The development of a personal financial plan for yourself or family provides the framework for a flexible, dynamic plan of action offering the following benefits:
1. Keeps the focus on immediate, intermediate, and long-term financial goals.
2. Potentially cuts income taxes, improves cash flow, and reduces the cost of debt service.
3. Establishes a suitable investment policy consistent with goals to balance risk and return.
4. Minimizes or eliminates the risk of unanticipated financial disaster.
5. Helps minimize the risk of prematurely depleting assets during the golden years.
A sound financial plan can have a significant impact on long-term financial well-being. The sections typically addressed in a personal financial plan are:
1. Financial Summary
2. Tax/Cash Flow/Debt Management
3. Investment Portfolio Review
4. Retirement Planning
5. Estate Planning
6. Risk Management – Insurance
7. Education Funding Analysis
It is quite common for a financial plan to contain as many as 10-20 or more specific recommendations or action items. A single page implementation checklist serves as the first page of the plan providing a bullet-point summary of the key recommendations. A “thumbprint” example of our Financial Planning Checklist is illustrated due to publication space constraints.
It is important to prioritize the action items and begin to implement the plan promptly. A plan that sits on the shelf and is not acted upon is worthless. After the initial plan has been completed, it is not necessary to go through a thorough financial planning exercise annually.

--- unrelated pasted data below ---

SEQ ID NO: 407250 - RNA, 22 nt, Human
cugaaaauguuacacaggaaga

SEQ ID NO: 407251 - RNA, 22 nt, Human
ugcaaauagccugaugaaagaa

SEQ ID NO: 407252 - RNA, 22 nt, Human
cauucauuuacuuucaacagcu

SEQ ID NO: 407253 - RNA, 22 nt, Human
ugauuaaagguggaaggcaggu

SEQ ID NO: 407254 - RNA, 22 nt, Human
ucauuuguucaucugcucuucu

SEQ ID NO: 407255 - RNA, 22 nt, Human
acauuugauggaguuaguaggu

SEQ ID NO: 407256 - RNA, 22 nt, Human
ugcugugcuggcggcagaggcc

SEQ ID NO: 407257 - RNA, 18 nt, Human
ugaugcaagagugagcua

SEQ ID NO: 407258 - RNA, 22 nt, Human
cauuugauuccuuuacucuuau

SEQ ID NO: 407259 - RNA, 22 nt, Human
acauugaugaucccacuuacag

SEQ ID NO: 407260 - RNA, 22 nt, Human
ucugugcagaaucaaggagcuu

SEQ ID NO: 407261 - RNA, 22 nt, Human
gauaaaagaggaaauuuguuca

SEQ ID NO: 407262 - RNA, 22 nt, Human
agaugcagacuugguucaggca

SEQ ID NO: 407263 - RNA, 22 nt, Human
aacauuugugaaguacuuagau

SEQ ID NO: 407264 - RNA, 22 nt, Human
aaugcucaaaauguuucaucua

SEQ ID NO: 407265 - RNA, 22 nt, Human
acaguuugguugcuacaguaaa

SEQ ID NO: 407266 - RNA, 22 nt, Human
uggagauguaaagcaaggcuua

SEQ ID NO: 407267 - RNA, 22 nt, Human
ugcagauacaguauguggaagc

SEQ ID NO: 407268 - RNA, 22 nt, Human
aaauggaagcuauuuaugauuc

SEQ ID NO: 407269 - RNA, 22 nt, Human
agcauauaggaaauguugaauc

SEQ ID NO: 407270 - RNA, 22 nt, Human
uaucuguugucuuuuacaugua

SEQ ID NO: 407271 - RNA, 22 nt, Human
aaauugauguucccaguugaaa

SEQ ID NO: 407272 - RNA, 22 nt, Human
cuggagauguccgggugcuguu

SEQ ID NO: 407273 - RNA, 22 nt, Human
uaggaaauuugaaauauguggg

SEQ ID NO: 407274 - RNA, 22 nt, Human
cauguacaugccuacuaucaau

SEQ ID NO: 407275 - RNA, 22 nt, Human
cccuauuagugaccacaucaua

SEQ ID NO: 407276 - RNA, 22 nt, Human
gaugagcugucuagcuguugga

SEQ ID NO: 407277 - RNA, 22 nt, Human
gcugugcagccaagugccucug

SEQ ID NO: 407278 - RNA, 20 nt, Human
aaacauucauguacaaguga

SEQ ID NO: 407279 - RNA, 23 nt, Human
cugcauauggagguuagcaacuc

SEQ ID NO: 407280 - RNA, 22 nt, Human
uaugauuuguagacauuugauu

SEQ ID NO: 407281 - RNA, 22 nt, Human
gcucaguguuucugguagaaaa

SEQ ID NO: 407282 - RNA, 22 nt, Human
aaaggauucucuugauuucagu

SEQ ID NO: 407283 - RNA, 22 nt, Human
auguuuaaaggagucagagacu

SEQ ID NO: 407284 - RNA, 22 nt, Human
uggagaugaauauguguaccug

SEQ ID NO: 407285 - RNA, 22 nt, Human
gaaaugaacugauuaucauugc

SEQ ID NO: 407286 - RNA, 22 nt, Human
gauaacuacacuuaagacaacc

A particular section or module of the plan can be updated as major changes occur. For instance, the addition of a new family member requires an estate plan, education plan, and risk management review. Other typical life events that call for an update to a plan are a change in marital status, an employment change, a death in the family, or a special needs analysis such as when a family member becomes terminally ill.
Some people prefer to develop a financial plan one module at a time in an ad-hoc manner. This is better than not planning at all, but has the following disadvantages:
1. Some sections of the plan may be overlooked and never addressed.
2. The sections of a financial plan are integrated.
This means that decisions made in some areas can have a significant impact on other areas. It is for these reasons that a more comprehensive personal financial plan is recommended for those who have never been through the process.